Why are we always tired?

Why are we always tired?

Difficult awakenings, troubled nights, lack of energy… In his documentary I am tireddirector Lucia Sanchez explores the ins and outs of the lazy epidemic that seems to be raging.

Is fatigue on the way to becoming the disease of the century? Over the months, studies follow and resemble each other: in October 2022, Santé Publique France established that 71% of French people believe they have sleep disorders; the Jean Jaurès foundation and the IFOP published a report in November establishing that 41% of French people feel more tired since the Covid, and that 45% of respondents feel “lazy” to leave their homes.

Lucia Sanchez, documentary director I am tired (1), broadcast on April 20 on France TV, also noted this epidemic of asthenia. “I heard this sort of phrase ‘are you ok, not too tired?’ It became a kind of ritual, we no longer respond ‘I’m fine’ but ‘I’m tired'”, she tells us . In her feature film she asks herself, “what makes us all tired?”, “what are we running after?”

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Typology of fatigue

When she made the documentary, the director already understood, thanks to the advice of experts, that it was important to differentiate between “good fatigue”, occurring after an effort, and “exhaustion”. She solicits the philosopher Hélène L’Hœuillet (2) who defines this last state as “the fact of being deprived of one’s own temporality”.

What creates the feeling of exhaustion is the fact of being deprived of one’s own temporality, of one’s subjective time

Helene L’Hoeuillet

All tired

By interviewing a building caretaker, a delivery man, a truck driver, an engineer and a former salesperson, the filmmaker wanted to “tell about a collective fatigue with people who do very different jobs.” If the material causes of these exhaustions diverge, all seem to stem from a lack: lack of time, lack of sleep, lack of energy, lack of meaning…

About her own state of fatigue, the director tells us of an “extremely tiring” time. “Economic disparities, the rise of radicalism, the depletion of resources, these are things that reach the human, the lack of hope tires”, she testifies.

Loss of meaning

In the midst of protests against the pension reform, the documentary points to the world of work as a source of exhaustion. The ever-increasing demand for productivity, which digital resources have failed to slow down, is shortening people’s time. “We need to be masters of our time”, maintains Lucia Sanchez, going in the direction of Marx who wrote in 1867 in The capitalthat work “steals the time which should be employed in breathing the open air and enjoying the light of sleep”.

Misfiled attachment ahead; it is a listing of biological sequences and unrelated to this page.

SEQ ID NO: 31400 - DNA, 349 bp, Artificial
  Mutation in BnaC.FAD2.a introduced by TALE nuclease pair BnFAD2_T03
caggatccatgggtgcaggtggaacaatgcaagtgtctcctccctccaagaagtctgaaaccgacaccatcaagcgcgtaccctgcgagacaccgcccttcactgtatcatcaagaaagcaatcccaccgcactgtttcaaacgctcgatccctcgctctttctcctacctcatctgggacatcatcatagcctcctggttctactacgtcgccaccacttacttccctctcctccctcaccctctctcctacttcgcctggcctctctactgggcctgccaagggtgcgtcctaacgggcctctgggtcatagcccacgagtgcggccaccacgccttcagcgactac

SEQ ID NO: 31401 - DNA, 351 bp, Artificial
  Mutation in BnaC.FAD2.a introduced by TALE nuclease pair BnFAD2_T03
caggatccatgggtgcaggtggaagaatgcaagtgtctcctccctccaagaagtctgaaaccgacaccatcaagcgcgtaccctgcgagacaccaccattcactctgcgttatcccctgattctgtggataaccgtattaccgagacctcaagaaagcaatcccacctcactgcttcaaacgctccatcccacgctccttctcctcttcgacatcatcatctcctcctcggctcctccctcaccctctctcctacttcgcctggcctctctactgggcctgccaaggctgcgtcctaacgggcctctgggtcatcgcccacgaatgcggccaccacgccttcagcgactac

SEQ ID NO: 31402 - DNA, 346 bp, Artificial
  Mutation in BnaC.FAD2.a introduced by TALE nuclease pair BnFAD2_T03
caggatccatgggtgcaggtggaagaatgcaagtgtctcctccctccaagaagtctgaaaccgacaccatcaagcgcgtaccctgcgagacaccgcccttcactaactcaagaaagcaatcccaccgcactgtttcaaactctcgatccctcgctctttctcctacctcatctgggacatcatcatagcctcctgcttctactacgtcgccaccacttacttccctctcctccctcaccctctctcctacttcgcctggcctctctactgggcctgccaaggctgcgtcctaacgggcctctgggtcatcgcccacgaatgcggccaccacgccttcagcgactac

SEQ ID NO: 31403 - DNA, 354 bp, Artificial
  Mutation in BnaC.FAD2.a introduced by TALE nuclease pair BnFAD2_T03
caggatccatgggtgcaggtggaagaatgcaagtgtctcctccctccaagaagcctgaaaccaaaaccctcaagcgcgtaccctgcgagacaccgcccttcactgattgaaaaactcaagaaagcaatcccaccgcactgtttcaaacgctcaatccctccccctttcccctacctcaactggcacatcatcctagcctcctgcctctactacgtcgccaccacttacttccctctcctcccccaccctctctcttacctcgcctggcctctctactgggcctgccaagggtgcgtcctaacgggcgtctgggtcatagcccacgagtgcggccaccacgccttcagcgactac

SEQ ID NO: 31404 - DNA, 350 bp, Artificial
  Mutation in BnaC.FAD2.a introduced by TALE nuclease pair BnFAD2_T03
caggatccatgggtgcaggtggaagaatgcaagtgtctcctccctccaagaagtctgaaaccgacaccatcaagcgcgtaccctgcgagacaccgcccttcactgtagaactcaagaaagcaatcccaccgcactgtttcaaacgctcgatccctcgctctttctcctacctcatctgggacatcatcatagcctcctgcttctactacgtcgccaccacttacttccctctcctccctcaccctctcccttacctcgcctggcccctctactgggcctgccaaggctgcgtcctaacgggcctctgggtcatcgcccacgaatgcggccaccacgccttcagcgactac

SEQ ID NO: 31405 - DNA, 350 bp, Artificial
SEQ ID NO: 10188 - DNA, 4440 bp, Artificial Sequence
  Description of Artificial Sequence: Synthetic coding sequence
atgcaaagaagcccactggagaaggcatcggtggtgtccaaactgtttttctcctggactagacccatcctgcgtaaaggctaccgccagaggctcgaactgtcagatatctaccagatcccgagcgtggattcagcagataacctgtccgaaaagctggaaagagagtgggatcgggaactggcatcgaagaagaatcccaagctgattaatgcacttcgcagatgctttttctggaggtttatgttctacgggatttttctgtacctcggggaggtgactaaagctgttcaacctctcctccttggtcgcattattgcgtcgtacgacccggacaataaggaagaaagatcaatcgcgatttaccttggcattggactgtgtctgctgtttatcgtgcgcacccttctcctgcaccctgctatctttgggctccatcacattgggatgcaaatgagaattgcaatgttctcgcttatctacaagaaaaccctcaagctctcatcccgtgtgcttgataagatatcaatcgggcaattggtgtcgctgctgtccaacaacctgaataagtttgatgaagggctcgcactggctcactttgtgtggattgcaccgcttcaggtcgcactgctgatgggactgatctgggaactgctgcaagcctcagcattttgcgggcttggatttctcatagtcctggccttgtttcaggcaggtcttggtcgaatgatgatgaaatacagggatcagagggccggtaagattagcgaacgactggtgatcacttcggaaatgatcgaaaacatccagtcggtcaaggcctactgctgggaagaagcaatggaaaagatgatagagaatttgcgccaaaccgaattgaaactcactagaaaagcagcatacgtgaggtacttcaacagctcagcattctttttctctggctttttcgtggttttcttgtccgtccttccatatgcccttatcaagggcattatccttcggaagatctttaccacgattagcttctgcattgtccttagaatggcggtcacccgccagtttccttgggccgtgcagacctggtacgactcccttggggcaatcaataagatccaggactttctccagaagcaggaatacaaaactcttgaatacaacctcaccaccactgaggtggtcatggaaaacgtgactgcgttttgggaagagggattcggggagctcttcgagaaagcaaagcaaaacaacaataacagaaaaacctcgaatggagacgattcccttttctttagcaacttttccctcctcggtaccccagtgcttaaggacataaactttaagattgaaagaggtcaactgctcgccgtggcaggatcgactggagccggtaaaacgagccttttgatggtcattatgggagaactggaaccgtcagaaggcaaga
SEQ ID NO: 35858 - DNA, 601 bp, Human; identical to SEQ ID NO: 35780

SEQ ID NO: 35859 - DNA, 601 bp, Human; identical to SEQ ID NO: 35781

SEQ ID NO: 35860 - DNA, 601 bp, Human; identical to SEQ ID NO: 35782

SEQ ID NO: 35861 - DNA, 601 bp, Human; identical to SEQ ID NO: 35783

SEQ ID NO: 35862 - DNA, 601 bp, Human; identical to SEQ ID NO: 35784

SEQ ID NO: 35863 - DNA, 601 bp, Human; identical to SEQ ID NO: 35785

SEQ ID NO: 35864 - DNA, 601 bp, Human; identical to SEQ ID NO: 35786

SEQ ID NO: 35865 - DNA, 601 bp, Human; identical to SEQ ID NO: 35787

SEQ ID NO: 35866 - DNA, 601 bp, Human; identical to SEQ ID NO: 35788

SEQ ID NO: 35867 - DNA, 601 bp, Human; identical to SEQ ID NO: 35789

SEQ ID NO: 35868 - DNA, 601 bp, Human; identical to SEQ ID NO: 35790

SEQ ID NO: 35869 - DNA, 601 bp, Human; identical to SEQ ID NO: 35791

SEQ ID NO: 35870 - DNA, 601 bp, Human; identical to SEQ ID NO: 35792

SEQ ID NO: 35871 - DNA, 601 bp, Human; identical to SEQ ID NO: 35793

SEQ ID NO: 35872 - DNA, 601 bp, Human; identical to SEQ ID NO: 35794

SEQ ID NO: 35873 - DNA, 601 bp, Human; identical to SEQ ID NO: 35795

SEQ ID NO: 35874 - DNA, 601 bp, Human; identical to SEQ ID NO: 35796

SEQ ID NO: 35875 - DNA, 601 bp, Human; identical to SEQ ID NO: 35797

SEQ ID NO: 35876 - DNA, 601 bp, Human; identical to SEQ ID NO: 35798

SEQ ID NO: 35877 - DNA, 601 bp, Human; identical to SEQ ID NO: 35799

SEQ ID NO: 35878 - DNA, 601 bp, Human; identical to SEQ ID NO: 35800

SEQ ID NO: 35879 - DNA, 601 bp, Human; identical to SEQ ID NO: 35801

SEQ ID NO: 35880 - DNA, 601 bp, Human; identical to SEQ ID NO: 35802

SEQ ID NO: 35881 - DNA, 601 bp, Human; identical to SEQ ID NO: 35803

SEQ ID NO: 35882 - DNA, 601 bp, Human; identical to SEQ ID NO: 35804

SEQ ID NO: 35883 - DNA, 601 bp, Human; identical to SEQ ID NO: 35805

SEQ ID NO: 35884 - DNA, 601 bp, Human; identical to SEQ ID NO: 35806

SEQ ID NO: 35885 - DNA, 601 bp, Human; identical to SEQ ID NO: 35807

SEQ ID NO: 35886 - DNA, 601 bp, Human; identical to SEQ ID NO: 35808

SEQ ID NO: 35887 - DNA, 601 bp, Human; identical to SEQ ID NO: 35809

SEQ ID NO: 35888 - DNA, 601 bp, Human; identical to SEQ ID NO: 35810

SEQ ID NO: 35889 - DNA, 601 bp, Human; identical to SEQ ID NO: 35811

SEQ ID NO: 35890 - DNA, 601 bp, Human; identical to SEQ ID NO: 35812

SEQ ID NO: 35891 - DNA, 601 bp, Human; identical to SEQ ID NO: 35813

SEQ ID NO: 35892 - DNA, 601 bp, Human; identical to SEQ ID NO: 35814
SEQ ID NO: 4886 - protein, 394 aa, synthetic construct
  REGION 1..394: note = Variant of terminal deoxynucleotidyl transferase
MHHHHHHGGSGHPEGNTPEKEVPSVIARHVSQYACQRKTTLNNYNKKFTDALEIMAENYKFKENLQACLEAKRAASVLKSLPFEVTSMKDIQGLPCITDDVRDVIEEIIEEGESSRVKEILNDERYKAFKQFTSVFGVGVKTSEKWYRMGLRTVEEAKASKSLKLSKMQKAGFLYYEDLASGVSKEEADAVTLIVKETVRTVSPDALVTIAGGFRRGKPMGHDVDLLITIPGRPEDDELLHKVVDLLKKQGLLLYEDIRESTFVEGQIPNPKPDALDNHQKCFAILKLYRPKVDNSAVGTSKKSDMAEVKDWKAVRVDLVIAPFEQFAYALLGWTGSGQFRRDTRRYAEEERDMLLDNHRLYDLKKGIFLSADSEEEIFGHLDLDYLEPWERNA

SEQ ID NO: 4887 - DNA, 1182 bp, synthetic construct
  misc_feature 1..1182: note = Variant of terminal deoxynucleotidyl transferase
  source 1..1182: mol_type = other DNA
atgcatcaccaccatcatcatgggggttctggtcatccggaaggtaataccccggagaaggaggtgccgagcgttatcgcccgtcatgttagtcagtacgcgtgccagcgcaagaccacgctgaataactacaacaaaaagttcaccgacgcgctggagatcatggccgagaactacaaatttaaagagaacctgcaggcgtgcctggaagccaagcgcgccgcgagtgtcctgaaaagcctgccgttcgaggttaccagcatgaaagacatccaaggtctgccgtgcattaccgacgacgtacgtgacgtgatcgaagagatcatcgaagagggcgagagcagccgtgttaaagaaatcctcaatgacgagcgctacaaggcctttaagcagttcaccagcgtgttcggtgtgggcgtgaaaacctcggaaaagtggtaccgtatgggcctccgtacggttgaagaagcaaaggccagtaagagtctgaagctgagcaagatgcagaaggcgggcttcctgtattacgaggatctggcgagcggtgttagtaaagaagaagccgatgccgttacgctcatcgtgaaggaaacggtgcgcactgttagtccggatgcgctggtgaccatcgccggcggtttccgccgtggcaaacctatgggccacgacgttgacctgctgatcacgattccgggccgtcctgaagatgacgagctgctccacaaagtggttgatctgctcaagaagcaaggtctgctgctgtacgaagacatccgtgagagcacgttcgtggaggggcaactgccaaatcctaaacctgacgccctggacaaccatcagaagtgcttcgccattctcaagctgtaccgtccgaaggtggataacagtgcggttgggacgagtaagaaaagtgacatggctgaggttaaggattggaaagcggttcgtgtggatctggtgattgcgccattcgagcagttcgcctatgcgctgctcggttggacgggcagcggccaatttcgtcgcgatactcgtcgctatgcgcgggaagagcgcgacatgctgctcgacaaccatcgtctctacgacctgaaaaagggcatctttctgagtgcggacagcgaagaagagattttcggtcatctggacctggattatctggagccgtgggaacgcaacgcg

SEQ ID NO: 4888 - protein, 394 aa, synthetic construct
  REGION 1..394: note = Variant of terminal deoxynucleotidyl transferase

We need to be in control of our time

Lucia Sanchez

And to the question of the overload or the arduous nature of physical work, there is the question of meaning. “Often the tasks are absurd, we are a small cog in a machine where our work has neither beginning nor end,” explains the director. She thus joins the philosopher Hélène L’Hœuillet who develops in the feature film the idea that we can rest when a task is finished, but is it ever really finished?

And if we wondered “what’s the use”

To face this ambient fatigue, Lucia Sanchez has chosen to show other possibilities. “The film wanted to be optimistic and assertive, I don’t have the energy to give up, rather to criticize and fight,” she tells us. More broadly, questioning the meaning is the result that the director hopes to bring about: “We should stop more often, ask ourselves what’s the point and realize that it’s not just this cult of the always more,” she concludes.

(1) I am tired a documentary by Lucia Sanchez, available on francetvinfo.fr
(2) Hélène L’Hœillet is the author of The Praise of DelayEd. Albin Michel, €15.
(3) Georges Vigarello is the author ofFatigue historyEd. Threshold, €25.

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